On vacation last week, I took a couple of books with me - both having plants as their main subject. One book was a field guide to plants and trees in Hawaii. It proved very handy in identifying much of the plant life along side the road - plants that aren't found growing in Oklahoma, outdoors or in greenhouses.
The other book is a non-fiction novel called The Orchid Thief by Susan Orlean. (I always want to put an "s" at the end of her last name.) The story revolves around an Orchid fanatic in south Florida that has stolen some rare Orchids from a protected nature preserve with a plan to clone them and make lots of money. The author does a wonderful job of pulling in the reader from the first couple of sentences. I loved the descriptions of this character that I could vividly picture and felt like I knew. I also loved the portrayal of south Florida, which is unlike any other area I have visited.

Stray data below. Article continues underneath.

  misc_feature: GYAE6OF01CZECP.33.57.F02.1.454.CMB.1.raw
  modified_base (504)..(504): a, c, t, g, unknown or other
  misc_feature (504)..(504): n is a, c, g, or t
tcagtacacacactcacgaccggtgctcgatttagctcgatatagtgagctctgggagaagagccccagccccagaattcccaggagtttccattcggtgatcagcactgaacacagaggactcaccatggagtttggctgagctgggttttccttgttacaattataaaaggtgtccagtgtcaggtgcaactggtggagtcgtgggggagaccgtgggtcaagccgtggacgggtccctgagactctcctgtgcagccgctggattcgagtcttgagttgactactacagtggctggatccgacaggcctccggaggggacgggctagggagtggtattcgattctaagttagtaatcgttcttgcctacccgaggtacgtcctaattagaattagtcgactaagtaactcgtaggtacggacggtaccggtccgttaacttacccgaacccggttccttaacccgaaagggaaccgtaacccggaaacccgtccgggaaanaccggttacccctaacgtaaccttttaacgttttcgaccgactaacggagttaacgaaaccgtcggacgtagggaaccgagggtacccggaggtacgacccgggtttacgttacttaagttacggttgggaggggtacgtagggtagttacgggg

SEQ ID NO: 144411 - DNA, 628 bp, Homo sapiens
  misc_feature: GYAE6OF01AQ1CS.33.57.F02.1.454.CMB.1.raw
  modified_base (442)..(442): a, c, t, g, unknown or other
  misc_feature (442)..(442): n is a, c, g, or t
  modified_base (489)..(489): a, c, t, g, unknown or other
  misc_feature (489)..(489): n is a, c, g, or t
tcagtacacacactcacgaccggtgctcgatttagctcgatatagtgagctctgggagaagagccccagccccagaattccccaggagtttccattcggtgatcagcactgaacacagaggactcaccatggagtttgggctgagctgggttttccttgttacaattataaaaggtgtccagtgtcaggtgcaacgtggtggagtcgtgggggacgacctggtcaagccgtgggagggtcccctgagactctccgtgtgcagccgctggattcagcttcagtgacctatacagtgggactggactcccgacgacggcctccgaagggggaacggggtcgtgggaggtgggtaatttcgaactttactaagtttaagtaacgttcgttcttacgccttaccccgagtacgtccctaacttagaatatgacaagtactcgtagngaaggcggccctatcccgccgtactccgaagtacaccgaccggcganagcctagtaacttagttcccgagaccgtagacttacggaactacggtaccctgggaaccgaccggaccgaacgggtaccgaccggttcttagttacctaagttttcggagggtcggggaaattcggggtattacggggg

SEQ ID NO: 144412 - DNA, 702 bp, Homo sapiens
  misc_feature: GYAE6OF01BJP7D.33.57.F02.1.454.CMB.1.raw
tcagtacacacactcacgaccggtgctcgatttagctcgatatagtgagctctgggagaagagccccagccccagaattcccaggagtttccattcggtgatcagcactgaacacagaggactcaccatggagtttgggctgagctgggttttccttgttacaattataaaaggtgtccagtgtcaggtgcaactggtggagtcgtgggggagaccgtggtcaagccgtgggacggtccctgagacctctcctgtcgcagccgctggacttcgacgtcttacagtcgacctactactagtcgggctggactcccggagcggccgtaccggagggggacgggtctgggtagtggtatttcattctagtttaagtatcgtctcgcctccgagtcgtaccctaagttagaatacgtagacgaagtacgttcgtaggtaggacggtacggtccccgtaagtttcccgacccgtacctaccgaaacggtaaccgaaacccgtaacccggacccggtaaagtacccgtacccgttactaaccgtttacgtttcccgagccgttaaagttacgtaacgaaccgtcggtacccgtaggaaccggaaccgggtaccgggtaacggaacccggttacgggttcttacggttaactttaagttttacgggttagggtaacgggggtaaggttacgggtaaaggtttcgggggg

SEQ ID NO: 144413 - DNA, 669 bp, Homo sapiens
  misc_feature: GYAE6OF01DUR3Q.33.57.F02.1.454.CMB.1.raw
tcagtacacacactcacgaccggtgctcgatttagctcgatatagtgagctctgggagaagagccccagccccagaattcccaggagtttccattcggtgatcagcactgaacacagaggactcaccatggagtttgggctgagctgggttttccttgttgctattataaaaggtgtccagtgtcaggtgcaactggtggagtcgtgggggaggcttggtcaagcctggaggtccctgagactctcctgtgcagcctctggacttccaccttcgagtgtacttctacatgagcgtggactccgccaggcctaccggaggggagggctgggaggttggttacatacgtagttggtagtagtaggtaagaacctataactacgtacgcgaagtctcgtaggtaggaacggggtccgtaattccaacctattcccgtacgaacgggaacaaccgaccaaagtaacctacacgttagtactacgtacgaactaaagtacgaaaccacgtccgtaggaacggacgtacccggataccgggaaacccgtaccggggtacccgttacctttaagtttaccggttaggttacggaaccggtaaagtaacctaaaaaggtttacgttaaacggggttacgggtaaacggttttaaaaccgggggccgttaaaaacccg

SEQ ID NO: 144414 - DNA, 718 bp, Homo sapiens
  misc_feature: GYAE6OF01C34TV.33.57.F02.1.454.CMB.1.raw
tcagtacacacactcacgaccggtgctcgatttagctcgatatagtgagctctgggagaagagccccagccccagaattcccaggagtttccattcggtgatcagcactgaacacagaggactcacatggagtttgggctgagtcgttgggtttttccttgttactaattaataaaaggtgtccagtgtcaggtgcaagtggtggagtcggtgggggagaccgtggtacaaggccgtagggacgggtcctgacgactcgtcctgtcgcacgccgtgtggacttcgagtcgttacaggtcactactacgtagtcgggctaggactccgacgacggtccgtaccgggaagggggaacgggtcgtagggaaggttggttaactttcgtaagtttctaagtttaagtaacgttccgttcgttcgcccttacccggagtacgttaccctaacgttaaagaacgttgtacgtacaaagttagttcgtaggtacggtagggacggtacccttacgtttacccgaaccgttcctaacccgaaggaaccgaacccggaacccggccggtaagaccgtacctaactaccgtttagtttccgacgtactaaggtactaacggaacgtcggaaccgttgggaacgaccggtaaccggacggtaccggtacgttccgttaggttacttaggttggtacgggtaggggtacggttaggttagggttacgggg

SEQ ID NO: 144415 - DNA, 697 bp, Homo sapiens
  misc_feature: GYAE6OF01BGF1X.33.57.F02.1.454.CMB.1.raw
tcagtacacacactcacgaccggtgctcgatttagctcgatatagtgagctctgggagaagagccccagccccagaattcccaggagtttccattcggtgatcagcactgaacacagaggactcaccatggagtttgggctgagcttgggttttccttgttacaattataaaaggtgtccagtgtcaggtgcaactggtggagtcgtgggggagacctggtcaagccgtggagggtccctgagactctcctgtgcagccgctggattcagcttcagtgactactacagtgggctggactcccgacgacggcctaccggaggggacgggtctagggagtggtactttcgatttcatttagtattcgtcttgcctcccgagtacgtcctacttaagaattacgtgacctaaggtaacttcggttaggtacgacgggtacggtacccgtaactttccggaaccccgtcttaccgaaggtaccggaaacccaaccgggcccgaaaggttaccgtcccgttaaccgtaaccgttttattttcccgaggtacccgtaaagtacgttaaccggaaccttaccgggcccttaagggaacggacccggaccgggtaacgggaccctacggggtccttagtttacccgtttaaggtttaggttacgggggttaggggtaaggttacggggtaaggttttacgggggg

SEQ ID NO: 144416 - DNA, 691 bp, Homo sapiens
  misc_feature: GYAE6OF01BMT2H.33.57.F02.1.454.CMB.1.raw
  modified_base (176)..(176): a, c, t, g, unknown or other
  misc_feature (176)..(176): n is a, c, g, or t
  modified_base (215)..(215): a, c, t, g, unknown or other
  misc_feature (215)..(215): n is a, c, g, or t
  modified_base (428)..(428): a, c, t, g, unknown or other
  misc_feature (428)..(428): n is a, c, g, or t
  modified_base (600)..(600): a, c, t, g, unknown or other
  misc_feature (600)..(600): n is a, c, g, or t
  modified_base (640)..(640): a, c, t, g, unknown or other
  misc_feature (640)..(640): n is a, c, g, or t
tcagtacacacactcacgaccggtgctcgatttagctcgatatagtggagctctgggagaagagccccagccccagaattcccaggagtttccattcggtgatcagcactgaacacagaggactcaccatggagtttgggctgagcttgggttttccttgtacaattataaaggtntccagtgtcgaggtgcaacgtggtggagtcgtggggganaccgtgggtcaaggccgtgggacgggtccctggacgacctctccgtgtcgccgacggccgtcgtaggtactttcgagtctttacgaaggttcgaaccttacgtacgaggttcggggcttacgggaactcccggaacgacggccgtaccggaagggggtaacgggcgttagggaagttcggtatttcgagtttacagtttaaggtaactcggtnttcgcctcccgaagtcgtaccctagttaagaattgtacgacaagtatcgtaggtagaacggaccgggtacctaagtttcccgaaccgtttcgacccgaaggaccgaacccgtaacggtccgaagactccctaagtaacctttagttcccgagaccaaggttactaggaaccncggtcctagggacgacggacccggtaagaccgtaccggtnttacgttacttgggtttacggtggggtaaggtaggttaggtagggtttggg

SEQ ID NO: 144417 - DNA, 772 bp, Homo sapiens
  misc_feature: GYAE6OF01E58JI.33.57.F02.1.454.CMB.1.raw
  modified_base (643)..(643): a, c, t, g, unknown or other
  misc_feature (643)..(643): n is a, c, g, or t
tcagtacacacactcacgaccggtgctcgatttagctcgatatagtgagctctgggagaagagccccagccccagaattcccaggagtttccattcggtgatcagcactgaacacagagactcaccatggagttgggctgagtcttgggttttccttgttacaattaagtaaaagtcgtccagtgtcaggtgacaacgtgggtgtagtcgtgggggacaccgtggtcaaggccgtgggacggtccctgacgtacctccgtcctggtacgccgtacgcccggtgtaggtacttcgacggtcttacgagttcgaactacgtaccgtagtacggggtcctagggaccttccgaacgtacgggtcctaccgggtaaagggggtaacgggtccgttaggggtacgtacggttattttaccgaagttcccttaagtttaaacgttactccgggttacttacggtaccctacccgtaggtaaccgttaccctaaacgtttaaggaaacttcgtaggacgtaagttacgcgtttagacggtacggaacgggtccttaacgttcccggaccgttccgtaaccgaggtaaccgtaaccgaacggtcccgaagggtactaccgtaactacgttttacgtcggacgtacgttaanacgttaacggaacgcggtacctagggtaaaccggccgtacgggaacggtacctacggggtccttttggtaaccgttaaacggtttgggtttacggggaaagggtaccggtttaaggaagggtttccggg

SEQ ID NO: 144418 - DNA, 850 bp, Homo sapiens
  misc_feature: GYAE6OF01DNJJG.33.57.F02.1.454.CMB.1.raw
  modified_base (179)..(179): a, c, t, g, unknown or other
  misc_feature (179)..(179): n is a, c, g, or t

It was a really fun read for my trip to Hawaii, too. Even though the scenery is very different from Florida, I was getting to enjoy orchids growing outdoors in natural settings while reading this book.
There are lots of deviations from the story (which I enjoyed). Many of these deviations are historical accounts of the Seminole tribes that occupy Florida. Did you know that they are the one native people who never signed a treaty with the US? I didn't.
On the downside, by the time I was 3/4 of the way through the book I kind of started to realize that the book wasn't really going anywhere. When you write fiction, you can do something about that. When you're a reporter, relaying the true story of a crazy man obsessed with orchids, well... you can't.
Anyway, I would thoroughly recommend this book to any plant lover who has at times felt "obsessed" with plants (I am one of them), and especially to those who have a great admiration for Orchids. It is a fun read and easy to identify with the characters, if you happen to be one of these people.